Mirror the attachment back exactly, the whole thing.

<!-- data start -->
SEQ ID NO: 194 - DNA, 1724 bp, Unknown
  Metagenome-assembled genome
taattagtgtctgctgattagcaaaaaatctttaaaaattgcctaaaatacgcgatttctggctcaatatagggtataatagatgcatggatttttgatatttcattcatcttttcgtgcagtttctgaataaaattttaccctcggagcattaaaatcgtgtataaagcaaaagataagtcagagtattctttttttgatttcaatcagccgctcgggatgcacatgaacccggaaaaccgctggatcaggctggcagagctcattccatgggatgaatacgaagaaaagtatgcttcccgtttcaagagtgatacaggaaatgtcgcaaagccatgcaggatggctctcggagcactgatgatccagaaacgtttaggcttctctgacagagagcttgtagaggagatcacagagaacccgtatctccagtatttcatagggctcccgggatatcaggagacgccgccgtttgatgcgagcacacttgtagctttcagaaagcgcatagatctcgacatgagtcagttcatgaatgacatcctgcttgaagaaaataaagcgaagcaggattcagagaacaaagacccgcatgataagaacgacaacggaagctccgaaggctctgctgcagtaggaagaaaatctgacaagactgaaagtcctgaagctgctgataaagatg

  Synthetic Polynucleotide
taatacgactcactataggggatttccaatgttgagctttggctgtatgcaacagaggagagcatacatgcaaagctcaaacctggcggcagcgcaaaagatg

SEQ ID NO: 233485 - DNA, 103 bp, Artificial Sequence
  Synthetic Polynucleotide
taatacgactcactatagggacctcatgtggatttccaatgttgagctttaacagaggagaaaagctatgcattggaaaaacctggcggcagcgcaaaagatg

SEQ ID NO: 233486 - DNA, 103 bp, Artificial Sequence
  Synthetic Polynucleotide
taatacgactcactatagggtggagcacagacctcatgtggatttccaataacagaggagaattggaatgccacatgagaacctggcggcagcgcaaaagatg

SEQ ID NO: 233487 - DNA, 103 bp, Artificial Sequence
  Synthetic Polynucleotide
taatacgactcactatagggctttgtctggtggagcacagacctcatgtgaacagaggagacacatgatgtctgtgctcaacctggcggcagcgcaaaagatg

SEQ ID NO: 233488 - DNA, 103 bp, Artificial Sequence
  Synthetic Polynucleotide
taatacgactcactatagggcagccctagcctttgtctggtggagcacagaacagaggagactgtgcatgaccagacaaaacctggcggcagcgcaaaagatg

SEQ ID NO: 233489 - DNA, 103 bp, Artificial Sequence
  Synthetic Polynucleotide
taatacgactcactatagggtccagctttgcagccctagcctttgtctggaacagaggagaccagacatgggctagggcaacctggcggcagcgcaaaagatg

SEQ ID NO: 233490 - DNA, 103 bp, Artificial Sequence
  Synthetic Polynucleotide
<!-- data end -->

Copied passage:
SEQ ID NO: 194 - DNA, 1724 bp, Unknown
  Metagenome-assembled genome
taattagtgtctgctgattagcaaaaaatctttaaaaattgcctaaaatacgcgatttctggctcaatatagggtataatagatgcatggatttttgatatttcattcatcttttcgtgcagtttctgaataaaattttaccctcggagcattaaaatcgtgtataaagcaaaagataagtcagagtattctttttttgatttcaatcagccgctcgggatgcacatgaacccggaaaaccgctggatcaggctggcagagctcattccatgggatgaatacgaagaaaagtatgcttcccgtttcaagagtgatacaggaaatgtcgcaaagccatgcaggatggctctcggagcactgatgatccagaaacgtttaggcttctctgacagagagcttgtagaggagatcacagagaacccgtatctccagtatttcatagggctcccgggatatcaggagacgccgccgtttgatgcgagcacacttgtagctttcagaaagcgcatagatctcgacatgagtcagttcatgaatgacatcctgcttgaagaaaataaagcgaagcaggattcagagaacaaagacccgcatgataagaacgacaacggaagctccgaaggctctgctgcagtaggaagaaaatctgacaagactgaaagtcctgaagctgctgataaagatg

  Synthetic Polynucleotide
taatacgactcactataggggatttccaatgttgagctttggctgtatgcaacagaggagagcatacatgcaaagctcaaacctggcggcagcgcaaaagatg

SEQ ID NO: 233485 - DNA, 103 bp, Artificial Sequence
  Synthetic Polynucleotide
taatacgactcactatagggacctcatgtggatttccaatgttgagctttaacagaggagaaaagctatgcattggaaaaacctggcggcagcgcaaaagatg

SEQ ID NO: 233486 - DNA, 103 bp, Artificial Sequence
  Synthetic Polynucleotide
taatacgactcactatagggtggagcacagacctcatgtggatttccaataacagaggagaattggaatgccacatgagaacctggcggcagcgcaaaagatg

SEQ ID NO: 233487 - DNA, 103 bp, Artificial Sequence
  Synthetic Polynucleotide
taatacgactcactatagggctttgtctggtggagcacagacctcatgtgaacagaggagacacatgatgtctgtgctcaacctggcggcagcgcaaaagatg

SEQ ID NO: 233488 - DNA, 103 bp, Artificial Sequence
  Synthetic Polynucleotide
taatacgactcactatagggcagccctagcctttgtctggtggagcacagaacagaggagactgtgcatgaccagacaaaacctggcggcagcgcaaaagatg

SEQ ID NO: 233489 - DNA, 103 bp, Artificial Sequence
  Synthetic Polynucleotide
taatacgactcactatagggtccagctttgcagccctagcctttgtctggaacagaggagaccagacatgggctagggcaacctggcggcagcgcaaaagatg

SEQ ID NO: 233490 - DNA, 103 bp, Artificial Sequence
  Synthetic Polynucleotide